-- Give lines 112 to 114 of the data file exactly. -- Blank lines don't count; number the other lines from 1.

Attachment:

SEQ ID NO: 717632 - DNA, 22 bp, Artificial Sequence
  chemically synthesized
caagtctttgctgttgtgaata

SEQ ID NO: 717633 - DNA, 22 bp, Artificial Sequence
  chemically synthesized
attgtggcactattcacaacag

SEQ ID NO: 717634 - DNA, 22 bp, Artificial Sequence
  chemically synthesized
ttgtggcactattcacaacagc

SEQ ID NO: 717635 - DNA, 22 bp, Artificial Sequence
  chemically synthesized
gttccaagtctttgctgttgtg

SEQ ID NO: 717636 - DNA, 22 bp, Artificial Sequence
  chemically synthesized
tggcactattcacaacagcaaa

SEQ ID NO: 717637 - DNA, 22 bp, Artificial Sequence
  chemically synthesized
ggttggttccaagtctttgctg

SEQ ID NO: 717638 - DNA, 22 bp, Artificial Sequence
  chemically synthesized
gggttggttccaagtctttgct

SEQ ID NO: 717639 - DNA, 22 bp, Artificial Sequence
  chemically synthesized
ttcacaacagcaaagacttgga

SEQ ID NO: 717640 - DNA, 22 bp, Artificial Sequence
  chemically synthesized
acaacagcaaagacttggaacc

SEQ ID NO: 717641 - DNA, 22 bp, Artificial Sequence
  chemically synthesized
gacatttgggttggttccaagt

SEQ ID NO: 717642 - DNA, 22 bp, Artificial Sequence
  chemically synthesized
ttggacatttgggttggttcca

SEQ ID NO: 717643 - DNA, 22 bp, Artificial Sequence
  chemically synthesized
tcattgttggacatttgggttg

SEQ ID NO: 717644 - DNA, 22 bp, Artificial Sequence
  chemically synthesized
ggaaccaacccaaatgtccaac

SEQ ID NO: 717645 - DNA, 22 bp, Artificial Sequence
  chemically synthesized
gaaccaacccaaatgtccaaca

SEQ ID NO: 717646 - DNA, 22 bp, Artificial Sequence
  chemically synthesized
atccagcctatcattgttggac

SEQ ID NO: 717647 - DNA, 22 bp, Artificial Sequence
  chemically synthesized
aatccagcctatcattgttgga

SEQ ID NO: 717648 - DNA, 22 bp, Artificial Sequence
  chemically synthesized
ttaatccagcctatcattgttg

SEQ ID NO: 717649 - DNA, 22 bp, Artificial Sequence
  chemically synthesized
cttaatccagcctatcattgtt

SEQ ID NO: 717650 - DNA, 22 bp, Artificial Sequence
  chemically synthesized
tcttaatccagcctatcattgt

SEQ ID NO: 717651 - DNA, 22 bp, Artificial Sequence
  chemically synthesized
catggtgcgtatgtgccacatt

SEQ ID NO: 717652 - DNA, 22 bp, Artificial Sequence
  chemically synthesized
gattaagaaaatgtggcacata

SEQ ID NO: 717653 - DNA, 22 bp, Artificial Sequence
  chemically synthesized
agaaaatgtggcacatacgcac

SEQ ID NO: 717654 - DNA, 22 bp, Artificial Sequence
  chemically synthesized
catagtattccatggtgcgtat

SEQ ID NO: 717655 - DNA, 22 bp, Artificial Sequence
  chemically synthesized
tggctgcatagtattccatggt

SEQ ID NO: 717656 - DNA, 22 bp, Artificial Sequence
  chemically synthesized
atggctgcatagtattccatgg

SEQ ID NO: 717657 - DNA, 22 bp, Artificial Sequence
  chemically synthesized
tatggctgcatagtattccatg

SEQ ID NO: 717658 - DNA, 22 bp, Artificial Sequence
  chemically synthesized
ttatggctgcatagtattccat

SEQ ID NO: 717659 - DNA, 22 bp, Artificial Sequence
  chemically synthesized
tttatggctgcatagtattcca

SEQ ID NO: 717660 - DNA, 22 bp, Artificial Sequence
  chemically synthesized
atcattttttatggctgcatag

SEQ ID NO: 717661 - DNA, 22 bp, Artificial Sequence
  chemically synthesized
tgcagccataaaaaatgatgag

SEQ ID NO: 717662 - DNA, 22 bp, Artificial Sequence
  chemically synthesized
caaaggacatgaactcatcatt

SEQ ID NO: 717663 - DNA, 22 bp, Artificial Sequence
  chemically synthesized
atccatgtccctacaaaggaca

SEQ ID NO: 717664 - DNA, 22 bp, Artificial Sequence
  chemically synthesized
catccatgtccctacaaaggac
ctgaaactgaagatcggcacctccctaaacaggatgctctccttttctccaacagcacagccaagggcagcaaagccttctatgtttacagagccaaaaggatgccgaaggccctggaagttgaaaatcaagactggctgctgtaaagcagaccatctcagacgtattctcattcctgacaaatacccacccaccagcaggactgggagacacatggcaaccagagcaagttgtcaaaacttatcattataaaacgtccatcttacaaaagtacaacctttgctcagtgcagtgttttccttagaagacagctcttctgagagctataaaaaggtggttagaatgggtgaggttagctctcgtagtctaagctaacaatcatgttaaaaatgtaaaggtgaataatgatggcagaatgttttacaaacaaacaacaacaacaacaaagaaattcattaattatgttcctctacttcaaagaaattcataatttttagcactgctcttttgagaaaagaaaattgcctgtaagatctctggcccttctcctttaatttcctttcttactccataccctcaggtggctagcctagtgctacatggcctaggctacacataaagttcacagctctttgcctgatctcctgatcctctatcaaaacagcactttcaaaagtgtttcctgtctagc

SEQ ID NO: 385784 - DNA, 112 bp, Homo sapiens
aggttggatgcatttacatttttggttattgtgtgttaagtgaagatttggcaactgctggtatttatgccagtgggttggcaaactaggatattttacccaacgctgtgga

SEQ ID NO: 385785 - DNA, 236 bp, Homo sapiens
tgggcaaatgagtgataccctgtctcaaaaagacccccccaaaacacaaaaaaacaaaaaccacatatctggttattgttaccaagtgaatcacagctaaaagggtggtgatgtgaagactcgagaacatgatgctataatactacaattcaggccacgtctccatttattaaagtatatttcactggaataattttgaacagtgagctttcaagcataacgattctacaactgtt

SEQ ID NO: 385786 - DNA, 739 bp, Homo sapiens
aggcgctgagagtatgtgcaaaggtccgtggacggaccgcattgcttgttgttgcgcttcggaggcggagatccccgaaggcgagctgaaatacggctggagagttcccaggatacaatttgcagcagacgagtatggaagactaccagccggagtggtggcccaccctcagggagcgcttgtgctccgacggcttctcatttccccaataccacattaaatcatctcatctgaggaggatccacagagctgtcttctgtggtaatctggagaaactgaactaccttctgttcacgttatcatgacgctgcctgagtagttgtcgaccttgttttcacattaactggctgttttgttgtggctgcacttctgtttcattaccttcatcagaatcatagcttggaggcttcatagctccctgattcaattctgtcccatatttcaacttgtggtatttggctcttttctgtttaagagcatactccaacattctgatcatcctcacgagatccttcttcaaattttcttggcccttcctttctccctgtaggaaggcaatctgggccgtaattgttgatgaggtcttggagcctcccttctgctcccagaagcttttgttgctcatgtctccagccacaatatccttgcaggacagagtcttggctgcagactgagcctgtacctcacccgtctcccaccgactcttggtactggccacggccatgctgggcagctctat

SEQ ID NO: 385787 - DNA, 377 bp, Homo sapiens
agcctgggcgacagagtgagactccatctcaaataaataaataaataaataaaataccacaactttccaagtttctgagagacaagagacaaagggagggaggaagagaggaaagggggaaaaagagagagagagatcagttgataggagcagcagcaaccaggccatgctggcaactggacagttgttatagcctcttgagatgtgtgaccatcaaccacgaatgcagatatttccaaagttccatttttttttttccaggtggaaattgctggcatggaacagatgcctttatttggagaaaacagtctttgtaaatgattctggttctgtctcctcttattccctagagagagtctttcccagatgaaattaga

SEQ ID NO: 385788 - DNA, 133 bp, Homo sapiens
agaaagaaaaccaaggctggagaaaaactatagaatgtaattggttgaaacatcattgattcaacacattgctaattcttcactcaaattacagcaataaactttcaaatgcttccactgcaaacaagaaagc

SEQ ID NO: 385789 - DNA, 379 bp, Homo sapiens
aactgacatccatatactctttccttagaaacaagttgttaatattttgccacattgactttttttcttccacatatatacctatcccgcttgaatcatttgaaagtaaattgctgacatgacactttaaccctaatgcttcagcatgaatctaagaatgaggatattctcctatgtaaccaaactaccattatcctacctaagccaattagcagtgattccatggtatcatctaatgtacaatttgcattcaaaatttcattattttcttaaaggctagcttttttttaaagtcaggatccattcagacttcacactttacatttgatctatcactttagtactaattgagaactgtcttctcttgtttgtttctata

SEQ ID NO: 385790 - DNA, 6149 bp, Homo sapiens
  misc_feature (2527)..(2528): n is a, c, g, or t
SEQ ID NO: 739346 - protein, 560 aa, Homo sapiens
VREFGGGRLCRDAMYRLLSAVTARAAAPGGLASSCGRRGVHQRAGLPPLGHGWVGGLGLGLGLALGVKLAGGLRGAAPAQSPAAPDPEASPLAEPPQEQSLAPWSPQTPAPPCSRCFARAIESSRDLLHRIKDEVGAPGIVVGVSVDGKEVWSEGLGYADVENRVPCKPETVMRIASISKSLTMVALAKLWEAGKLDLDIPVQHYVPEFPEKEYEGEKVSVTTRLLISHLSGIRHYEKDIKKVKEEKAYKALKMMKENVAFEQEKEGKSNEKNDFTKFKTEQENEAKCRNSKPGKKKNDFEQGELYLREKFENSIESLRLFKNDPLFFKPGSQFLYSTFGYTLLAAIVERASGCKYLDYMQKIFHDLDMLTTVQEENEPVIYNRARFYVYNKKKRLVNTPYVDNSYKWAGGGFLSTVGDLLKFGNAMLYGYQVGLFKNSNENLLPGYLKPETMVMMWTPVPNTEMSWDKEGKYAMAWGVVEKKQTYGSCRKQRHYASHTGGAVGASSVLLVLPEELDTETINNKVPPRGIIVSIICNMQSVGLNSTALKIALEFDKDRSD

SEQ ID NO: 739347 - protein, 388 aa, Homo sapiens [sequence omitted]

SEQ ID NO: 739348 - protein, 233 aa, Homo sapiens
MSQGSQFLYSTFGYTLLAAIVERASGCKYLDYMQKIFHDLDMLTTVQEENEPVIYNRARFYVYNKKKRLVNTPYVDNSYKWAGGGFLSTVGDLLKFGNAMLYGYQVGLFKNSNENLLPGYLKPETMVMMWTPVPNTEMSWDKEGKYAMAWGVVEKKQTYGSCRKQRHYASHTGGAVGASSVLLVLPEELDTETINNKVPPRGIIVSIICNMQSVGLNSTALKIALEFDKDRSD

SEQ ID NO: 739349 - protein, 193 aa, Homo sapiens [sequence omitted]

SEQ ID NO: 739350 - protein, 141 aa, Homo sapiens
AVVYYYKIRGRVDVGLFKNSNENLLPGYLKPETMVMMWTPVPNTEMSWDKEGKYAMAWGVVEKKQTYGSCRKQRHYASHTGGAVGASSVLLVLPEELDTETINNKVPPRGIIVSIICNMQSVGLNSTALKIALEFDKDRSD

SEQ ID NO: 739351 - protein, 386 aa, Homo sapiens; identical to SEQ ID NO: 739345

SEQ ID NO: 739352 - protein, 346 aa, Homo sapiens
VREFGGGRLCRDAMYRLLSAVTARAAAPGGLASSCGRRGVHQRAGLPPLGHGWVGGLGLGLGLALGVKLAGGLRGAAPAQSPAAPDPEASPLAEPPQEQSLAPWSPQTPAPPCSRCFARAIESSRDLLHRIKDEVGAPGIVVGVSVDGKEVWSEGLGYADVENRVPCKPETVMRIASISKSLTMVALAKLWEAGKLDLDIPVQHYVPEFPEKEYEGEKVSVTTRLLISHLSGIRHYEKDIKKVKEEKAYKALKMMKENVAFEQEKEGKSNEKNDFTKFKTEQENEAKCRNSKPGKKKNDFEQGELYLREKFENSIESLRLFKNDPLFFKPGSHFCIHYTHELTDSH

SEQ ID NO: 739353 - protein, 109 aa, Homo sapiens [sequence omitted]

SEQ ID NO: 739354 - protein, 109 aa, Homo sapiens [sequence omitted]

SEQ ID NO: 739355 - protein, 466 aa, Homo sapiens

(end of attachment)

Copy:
aactgacatccatatactctttccttagaaacaagttgttaatattttgccacattgactttttttcttccacatatatacctatcccgcttgaatcatttgaaagtaaattgctgacatgacactttaaccctaatgcttcagcatgaatctaagaatgaggatattctcctatgtaaccaaactaccattatcctacctaagccaattagcagtgattccatggtatcatctaatgtacaatttgcattcaaaatttcattattttcttaaaggctagcttttttttaaagtcaggatccattcagacttcacactttacatttgatctatcactttagtactaattgagaactgtcttctcttgtttgtttctata

SEQ ID NO: 385790 - DNA, 6149 bp, Homo sapiens
  misc_feature (2527)..(2528): n is a, c, g, or t